Canadian History for Kids!
Sketches of Canada for November 6th!

Canadian History for Kids: Passchendaele

Canadian Commander Sir Arthur Currie was unwilling to become involved.

But, slowly, step by step, the Canadian military they would take the village, and secure Passchendaele Ridge. A great turning point in World War 1. This Canadian History for Kids, Sketches of our Canada, looks at the ‘Battle of Mud’.

The Battle of Passchendaele (or Third Battle of Ypres or “Passchendaele”) was a campaign of the First World War, fought by the Canadians and their allies against the German Empire.

Ypres is a Belgian city in West Flanders. Passchendaele lay on the last ridge east of Ypres. It was a vital part of the supply system of the German Fourth Army.

The conditions were aweful. They had been described as the Murderous Mud at Passchendaele.

British and Australian troops had fought there for more than three months. Their efforts had been unsuccessful: 100,000 casualties for very little ground won. The situation looked hopeless.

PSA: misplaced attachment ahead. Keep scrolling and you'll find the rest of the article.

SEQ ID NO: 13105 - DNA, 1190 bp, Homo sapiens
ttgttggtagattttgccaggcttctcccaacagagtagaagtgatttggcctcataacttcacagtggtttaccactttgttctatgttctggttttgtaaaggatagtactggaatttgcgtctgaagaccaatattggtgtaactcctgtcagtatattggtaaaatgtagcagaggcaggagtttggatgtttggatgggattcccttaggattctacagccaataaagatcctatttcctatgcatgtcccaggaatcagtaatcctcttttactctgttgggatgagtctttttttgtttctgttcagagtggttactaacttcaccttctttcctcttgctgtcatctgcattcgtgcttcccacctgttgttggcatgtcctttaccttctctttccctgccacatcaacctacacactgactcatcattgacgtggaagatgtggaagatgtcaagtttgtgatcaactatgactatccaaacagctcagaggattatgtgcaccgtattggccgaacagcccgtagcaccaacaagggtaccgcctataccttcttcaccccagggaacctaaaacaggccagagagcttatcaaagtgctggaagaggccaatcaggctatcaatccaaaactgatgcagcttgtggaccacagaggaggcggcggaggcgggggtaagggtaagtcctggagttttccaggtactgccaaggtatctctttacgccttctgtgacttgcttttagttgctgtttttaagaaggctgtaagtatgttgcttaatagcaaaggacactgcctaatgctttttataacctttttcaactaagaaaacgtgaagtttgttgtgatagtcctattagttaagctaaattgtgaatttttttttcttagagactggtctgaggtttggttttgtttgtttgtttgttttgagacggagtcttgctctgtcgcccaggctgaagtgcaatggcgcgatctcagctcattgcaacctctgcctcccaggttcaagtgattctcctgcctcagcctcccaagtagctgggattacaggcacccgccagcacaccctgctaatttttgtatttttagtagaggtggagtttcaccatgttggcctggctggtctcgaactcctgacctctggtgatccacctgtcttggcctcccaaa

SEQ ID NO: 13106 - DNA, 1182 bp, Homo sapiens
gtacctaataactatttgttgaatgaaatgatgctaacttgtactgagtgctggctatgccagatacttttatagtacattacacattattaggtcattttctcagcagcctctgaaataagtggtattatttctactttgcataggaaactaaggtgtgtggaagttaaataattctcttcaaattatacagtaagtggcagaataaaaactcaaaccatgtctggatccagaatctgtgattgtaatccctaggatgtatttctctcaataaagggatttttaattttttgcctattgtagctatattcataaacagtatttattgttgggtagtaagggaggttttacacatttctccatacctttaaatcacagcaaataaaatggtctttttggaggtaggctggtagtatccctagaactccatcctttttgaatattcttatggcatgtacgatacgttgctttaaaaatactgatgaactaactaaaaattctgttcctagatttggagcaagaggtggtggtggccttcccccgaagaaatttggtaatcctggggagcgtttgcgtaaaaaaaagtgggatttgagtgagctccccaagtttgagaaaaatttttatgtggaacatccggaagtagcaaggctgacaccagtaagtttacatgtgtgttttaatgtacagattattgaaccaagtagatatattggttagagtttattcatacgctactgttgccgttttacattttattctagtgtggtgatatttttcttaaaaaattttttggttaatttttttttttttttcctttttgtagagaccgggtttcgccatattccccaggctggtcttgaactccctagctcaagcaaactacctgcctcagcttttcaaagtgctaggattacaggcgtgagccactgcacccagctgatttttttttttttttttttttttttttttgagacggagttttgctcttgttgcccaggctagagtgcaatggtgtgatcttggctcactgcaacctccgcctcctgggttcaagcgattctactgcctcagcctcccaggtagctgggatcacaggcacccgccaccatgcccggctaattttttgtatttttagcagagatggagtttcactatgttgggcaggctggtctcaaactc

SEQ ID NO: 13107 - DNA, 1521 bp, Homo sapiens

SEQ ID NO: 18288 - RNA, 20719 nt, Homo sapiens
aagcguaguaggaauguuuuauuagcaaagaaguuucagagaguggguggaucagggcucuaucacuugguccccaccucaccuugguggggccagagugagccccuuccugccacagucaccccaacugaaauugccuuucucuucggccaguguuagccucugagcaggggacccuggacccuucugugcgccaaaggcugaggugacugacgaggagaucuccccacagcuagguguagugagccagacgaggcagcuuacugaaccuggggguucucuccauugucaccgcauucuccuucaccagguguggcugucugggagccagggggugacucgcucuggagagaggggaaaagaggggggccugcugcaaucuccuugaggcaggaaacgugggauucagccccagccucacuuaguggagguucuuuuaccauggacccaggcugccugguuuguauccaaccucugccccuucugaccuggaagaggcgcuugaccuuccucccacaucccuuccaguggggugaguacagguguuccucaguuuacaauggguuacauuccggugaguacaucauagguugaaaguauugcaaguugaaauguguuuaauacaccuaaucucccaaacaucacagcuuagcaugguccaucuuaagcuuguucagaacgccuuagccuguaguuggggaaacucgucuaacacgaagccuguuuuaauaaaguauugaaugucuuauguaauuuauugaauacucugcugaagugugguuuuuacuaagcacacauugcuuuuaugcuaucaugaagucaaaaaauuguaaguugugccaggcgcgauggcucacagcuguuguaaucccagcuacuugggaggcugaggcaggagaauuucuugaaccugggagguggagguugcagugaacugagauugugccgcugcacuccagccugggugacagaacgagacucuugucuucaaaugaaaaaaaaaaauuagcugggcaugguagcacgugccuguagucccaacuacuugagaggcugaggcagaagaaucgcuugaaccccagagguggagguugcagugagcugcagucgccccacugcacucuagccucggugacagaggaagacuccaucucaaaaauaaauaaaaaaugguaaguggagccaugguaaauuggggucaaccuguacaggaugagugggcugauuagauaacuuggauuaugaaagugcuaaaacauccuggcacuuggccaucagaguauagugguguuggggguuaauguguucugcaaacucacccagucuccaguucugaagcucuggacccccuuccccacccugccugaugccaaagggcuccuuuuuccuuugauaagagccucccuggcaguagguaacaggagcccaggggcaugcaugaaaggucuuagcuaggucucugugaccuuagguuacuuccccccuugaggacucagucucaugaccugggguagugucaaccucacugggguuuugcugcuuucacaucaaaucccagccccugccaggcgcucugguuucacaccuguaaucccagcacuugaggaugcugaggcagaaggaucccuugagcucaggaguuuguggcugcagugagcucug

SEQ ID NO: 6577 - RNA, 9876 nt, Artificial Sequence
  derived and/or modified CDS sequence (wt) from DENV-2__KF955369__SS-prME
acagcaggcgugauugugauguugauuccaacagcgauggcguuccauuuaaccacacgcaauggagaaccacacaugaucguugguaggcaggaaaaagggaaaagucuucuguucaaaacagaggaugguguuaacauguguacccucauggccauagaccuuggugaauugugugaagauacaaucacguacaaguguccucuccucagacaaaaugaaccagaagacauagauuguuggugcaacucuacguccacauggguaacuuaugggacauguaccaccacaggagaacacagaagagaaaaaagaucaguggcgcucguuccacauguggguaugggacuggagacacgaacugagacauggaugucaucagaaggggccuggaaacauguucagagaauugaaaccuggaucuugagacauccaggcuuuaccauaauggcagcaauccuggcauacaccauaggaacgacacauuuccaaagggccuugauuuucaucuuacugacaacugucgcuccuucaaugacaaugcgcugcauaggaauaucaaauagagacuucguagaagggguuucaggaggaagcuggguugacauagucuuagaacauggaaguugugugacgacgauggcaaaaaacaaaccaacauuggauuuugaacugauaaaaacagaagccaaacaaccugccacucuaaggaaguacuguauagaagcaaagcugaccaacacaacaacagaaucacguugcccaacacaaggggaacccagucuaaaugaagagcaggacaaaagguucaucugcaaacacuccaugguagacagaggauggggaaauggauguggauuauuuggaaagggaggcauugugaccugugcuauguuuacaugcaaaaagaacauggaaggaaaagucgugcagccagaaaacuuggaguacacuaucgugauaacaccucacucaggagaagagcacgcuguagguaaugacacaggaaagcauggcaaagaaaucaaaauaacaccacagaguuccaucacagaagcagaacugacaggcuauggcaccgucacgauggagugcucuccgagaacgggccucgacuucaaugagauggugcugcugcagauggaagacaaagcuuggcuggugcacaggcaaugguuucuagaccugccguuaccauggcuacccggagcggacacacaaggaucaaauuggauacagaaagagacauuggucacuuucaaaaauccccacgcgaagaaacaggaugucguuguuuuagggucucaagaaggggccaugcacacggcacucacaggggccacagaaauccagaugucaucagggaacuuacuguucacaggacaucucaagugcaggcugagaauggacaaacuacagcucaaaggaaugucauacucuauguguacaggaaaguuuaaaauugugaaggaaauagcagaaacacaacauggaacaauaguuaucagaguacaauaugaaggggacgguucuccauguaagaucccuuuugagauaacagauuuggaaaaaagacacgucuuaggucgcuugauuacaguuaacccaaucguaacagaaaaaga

Arguments over strategy, heavy rains, and mud marked the controversial three-month Battle of Passchendaele, also known as the Third Battle of Ypres.

The Canadian plan in taking Passchendaele was very simple. They would attack in a series of battles, each with a small goal. Step by step, they would take the village, the overall objective being to secure a defensible position on the Passchendaele Ridge.

On November 6th, 1917, the Canadians finally took the town of Passchendaele. 15,654 Canadians had fallen during these horrible battles. The British lost an estimated 275,000 casualties at Passchendaele to the German’s 220,000, making it one of the war’s most costly battles.

Nine Canadian soldiers received the Victoria Cross in recognition of their efforts at Passchendaele:

  • Colin Fraser Barron
  • Thomas William Holmes
  • Cecil John Kinross
  • Hugh McKenzie
  • George Harry Mullin
  • Christopher Patrick John O’Kelly
  • George Randolph Pearkes
  • James Peter Robertson
  • Robert Shankland

And that’s this weeks Canadian History for Kids, Sketches of our Canada.

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Canadian History for Kids!